Aaron Sorkin is a big fan of Aaron Sorkin’s work. The Social Network scribe and Syracuse University grad delivered a commencement address at his alma mater on Sunday and as Syracuse student Chelsea DeBaise first noticed, the speech included several lines that were recycled wholesale from a convocation speech Sorkin gave at Syracuse in 1997.
Among the repeated moments: In each oration, Sorkin began with the same anecdote about a long-married couple. In both, he described an actor who backed out of A Few Good Men to appear in a film that was never made, following the story with this insight: “I don’t know what the first actor is doing, and I can’t remember his name. Sometimes, just when you think you’ve finally got the ball safely in the end zone, you’re back to delivering pizzas for Domino’s. Welcome to the NFL.” And in both, he also remembered his roommate Chris, a victim of the AIDS epidemic: “He was born out of his time and would have felt most at home playing Mickey Rooney’s sidekick in Babes on Broadway,” Sorkin said in 1997 and again in 2012.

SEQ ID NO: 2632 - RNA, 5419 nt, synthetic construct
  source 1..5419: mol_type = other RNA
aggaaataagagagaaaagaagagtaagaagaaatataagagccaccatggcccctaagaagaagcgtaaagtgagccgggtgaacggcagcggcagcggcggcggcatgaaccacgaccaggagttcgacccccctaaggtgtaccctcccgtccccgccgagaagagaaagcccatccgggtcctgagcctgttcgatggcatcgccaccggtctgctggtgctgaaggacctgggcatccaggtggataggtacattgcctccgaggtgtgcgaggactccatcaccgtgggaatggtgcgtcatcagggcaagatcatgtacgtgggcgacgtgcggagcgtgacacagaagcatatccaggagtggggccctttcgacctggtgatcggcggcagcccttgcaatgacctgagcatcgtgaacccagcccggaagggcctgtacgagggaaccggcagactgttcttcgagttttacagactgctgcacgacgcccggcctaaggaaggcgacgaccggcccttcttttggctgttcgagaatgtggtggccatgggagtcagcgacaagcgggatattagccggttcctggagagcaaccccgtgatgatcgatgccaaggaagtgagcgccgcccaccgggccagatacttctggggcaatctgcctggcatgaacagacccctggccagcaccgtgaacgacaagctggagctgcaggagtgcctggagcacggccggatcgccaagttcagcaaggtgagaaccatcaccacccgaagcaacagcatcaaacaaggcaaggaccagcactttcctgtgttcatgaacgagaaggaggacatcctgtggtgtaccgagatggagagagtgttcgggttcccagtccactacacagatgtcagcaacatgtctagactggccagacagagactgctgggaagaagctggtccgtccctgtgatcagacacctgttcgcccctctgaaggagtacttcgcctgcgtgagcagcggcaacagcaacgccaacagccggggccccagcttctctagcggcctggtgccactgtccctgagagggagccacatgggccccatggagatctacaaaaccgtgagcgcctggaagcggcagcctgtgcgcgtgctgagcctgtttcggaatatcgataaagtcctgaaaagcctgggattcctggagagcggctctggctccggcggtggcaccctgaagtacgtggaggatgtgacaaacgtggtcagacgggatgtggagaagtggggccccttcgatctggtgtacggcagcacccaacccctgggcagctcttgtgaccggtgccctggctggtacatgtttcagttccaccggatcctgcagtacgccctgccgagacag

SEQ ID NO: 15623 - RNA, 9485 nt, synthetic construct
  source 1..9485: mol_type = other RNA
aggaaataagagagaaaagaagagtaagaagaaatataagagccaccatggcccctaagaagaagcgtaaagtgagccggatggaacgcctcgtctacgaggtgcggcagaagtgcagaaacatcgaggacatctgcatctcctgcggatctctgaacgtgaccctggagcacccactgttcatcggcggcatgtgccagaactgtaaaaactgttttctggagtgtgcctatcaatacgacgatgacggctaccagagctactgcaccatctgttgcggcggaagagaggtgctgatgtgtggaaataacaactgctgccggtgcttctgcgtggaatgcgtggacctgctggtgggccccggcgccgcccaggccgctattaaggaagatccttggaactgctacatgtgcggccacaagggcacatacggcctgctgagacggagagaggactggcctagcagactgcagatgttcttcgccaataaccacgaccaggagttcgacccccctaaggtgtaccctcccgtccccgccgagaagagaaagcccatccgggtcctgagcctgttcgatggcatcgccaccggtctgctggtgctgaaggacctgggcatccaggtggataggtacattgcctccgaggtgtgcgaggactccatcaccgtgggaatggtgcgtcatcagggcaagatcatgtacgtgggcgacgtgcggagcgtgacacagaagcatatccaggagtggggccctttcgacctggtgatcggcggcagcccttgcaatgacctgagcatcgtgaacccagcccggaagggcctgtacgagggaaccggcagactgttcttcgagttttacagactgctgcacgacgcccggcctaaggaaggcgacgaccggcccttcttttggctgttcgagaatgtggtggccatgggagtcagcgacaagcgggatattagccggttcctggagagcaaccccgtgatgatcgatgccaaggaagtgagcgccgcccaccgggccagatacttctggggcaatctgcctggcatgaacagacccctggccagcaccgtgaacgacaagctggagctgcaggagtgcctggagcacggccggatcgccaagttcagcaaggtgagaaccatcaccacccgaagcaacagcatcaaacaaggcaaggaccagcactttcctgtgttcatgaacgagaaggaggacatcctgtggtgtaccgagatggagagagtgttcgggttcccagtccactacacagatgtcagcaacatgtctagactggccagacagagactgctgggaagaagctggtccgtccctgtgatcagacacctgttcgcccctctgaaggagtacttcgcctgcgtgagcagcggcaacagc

Sorkin’s old speech isn’t the only self-penned source he mined for material. Slate‘s David Haglund notes that his commencement address also includes “at least four lines” from The West Wing‘s first four seasons, “which were written almost entirely by Sorkin.” Additionally, one of those lines — “It seems to me that more and more we’ve come to expect less and less from each other, and I think that should change” — appeared in both The West Wing and Sports Night, Sorkin’s first TV show. Hall of mirrors!
And this isn’t the first time the writer has quoted himself. The West Wing and Sports Night shared a decent amount of dialogue, as well as many similar jokes. (Don’t you dare use a dangling modifier in front of Aaron Sorkin.) A line from Studio 60 also became one of The Social Network‘s most quotable moments. In the NBC drama, Matthew Perry’s character dismisses a group of hacks by saying, “If they’d written [the screenplay], they’d have written it.” In The Social Network, the quote is only slightly changed: “If you guys were the inventors of Facebook, you’d have invented Facebook.”
There’s nothing wrong with Sorkin recycling the lines he loves best; all writers are guilty of doing the same thing, especially in speeches. But if he wants to keep people from noticing, he might have to start crafting less memorable sentences.